Believers throw up their hands (sometimes physically) and say it’s their duty.
Ministers, preachers, pastors, and priests encourage it.
I deny that it is incumbent on any Christian believer.
Some time ago, a blog acquaintance posted this in her series of post-it-note-type expressions to and from God:
I always take this particular writer’s expressions as genuine and heartfelt. I take pretty much every other believer’s similar expressions about elections and politics the same way. For various reasons and with varying degrees of fear—and these do vary!—many of us are watchful and concerned. However, I am compelled to wonder aloud. . . .
Do we think God is scrutinizing our “prayer lists” (as though a prayer list were a biblical notion in the first place) to see whether we are praying for the U.S. election? Does God think more of us if we pray for election results (and less of us if we don’t)?
Most (vocal) Christian leaders seem to think that being involved in elections and praying for them is a requirement for all right-thinking believers. Why are assumptions such as these so common? (I intended that to be a targeted, conscientious question.)
Two weeks from this very night, my nation will be well into the process of reporting election poll results. And many will be worrying, no matter which way the results are heading. Frankly, I’ll be thinking about it all, too, but I’ve been more worried about Christians than about donkeys and elephants during the last year (and it’s the same in every election cycle).
This election seems to have generated more vitriol than most. Sincere people pray for one result, and other sincere people (serious believer or not), for another. And I ask . . .
What is the reason that underlies the praying?
One recent Sunday morning, I heard a spoken prayer—one of probably 18,468 prayers that very day—that God would “raise up godly leaders.” I don’t question the good heart of the person praying, but I do question the underlying assumption—namely, that God “needs” “godly leaders” (however those things are conceived of) in public office in order to work out His purposes.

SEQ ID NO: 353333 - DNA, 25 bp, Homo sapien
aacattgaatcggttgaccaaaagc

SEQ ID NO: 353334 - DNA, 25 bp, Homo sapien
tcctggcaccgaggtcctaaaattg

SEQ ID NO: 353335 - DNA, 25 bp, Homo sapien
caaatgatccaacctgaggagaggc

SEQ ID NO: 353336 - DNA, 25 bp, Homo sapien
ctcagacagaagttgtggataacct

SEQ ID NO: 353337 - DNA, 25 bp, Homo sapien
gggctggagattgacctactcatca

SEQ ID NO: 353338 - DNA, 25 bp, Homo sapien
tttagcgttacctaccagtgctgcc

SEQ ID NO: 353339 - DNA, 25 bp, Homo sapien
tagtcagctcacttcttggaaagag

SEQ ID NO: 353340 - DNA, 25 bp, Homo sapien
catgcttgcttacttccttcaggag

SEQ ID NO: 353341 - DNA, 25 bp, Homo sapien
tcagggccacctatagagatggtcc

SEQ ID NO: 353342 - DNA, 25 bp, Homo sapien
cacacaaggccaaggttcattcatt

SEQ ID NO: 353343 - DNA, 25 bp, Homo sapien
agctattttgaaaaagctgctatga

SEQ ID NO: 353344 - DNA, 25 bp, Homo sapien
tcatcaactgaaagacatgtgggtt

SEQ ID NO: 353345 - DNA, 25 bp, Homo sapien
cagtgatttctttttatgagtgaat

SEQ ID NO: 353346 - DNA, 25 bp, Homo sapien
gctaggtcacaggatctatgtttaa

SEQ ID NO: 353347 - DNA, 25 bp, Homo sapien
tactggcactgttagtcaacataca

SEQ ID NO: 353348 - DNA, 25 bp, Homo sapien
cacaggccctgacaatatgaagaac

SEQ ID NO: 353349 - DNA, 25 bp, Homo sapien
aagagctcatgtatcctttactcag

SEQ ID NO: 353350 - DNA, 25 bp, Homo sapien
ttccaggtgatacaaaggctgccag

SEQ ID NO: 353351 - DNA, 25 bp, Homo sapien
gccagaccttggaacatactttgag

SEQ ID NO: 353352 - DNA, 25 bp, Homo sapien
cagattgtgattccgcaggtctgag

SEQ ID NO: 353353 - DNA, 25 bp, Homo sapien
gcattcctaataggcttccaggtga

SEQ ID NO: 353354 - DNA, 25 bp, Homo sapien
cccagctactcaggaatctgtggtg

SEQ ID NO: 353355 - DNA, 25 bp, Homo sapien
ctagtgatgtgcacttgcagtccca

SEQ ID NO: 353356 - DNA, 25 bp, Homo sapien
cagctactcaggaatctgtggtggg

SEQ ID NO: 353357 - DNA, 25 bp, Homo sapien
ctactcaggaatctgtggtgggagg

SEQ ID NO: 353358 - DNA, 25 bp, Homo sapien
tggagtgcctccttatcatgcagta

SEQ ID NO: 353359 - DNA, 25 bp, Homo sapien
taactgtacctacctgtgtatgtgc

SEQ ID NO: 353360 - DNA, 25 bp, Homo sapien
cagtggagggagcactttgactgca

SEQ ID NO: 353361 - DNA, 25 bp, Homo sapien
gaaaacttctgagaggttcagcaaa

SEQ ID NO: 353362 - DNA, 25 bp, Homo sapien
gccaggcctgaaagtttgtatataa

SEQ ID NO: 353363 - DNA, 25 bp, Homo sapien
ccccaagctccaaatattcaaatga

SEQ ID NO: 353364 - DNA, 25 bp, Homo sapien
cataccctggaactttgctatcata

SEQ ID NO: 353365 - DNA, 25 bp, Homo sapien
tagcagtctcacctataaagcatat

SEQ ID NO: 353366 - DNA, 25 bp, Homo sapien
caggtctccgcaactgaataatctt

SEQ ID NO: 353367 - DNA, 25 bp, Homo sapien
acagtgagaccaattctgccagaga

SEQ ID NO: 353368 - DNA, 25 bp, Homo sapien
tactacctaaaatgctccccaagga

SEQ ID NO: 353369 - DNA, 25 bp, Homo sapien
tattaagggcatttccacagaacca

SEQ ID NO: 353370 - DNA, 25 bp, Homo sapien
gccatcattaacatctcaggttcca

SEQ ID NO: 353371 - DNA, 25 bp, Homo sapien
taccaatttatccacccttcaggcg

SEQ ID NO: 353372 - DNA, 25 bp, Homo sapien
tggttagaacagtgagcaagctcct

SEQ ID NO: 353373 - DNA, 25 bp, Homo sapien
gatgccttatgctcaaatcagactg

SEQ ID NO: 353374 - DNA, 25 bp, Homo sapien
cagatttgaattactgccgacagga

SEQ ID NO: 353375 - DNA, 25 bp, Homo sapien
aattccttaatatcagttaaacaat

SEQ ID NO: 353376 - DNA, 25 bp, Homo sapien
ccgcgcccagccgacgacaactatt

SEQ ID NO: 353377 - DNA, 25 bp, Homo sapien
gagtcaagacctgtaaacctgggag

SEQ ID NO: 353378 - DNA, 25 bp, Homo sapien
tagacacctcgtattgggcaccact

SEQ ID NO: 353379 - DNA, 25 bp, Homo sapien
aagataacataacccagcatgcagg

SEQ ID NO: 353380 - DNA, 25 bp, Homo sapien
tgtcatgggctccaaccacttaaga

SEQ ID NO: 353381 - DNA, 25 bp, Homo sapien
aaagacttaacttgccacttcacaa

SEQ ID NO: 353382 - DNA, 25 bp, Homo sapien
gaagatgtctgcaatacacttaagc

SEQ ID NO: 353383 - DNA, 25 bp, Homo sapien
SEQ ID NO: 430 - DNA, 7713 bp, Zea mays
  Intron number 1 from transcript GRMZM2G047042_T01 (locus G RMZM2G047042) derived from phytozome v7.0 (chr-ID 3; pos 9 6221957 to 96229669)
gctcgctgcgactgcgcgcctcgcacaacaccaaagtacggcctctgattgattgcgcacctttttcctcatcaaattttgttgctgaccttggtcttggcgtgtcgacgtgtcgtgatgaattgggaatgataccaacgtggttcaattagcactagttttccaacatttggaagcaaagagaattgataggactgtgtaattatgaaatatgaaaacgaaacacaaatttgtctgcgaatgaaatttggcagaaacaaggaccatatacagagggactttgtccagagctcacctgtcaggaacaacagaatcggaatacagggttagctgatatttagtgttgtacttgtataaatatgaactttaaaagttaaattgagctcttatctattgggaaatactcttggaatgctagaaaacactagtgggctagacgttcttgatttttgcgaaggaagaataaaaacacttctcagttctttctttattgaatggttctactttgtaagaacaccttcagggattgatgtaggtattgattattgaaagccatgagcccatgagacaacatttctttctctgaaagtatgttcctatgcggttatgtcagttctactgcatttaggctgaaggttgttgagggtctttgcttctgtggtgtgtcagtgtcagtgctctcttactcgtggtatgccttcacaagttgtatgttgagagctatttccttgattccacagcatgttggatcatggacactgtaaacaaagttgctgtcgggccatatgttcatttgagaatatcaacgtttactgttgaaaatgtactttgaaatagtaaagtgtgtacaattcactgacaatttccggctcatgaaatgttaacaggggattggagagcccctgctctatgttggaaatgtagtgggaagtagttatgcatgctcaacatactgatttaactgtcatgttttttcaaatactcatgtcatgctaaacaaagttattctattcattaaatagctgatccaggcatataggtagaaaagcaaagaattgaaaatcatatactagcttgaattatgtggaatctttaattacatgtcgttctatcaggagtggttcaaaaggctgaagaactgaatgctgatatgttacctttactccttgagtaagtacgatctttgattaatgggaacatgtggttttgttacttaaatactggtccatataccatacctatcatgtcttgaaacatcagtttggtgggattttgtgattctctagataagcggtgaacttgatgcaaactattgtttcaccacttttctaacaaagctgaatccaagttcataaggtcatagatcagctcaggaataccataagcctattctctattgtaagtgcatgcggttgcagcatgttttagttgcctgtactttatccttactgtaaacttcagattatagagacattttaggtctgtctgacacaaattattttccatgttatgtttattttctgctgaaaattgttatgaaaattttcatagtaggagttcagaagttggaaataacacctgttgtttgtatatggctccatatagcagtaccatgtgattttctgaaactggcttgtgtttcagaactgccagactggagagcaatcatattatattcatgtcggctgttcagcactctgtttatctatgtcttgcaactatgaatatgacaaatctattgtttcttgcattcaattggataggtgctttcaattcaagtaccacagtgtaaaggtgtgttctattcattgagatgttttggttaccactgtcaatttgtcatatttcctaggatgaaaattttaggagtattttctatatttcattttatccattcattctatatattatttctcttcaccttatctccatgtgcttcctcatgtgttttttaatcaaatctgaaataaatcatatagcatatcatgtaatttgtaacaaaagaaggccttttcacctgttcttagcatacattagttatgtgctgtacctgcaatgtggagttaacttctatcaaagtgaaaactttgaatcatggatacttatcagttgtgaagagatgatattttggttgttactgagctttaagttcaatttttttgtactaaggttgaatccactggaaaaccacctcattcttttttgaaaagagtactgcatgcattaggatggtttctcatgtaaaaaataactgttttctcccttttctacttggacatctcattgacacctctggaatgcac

What is the reason for the seemingly intense, recurring desire for God to raise up someone who shares someone’s particular slant on Christian-ish beliefs?
I suspect that one prevalent reason to pray for the ascent of “godly leaders,” or for an election’s outcome, is that folks are too locked into this world. (I do not advocate an unhealthy distance from this world, but I think most of us would be well reminded to think more like a pilgrim traveling peacefully through a foreign land.) Too, some seem to feel that the U.S. was, or is supposed to be, “Christian.” That, simply put, has never been and will never be the case.
I call myself—and you—not to a set of denominational doctrines but to a growing consciousness that the Lord’s kingdom is not of this world. If it were, Jesus said near the end of His physical life, then His servants would be fighting the impending arrest and crucifixion. He did not want them to struggle against that.
God’s reign (Kingdom) is quite distinct from any nation’s politics, and that has been the case since the end of theocratic Israel nearly two millennia ago. This realization can be freeing—and compelling.
[Discount available—see the bottom of this page.]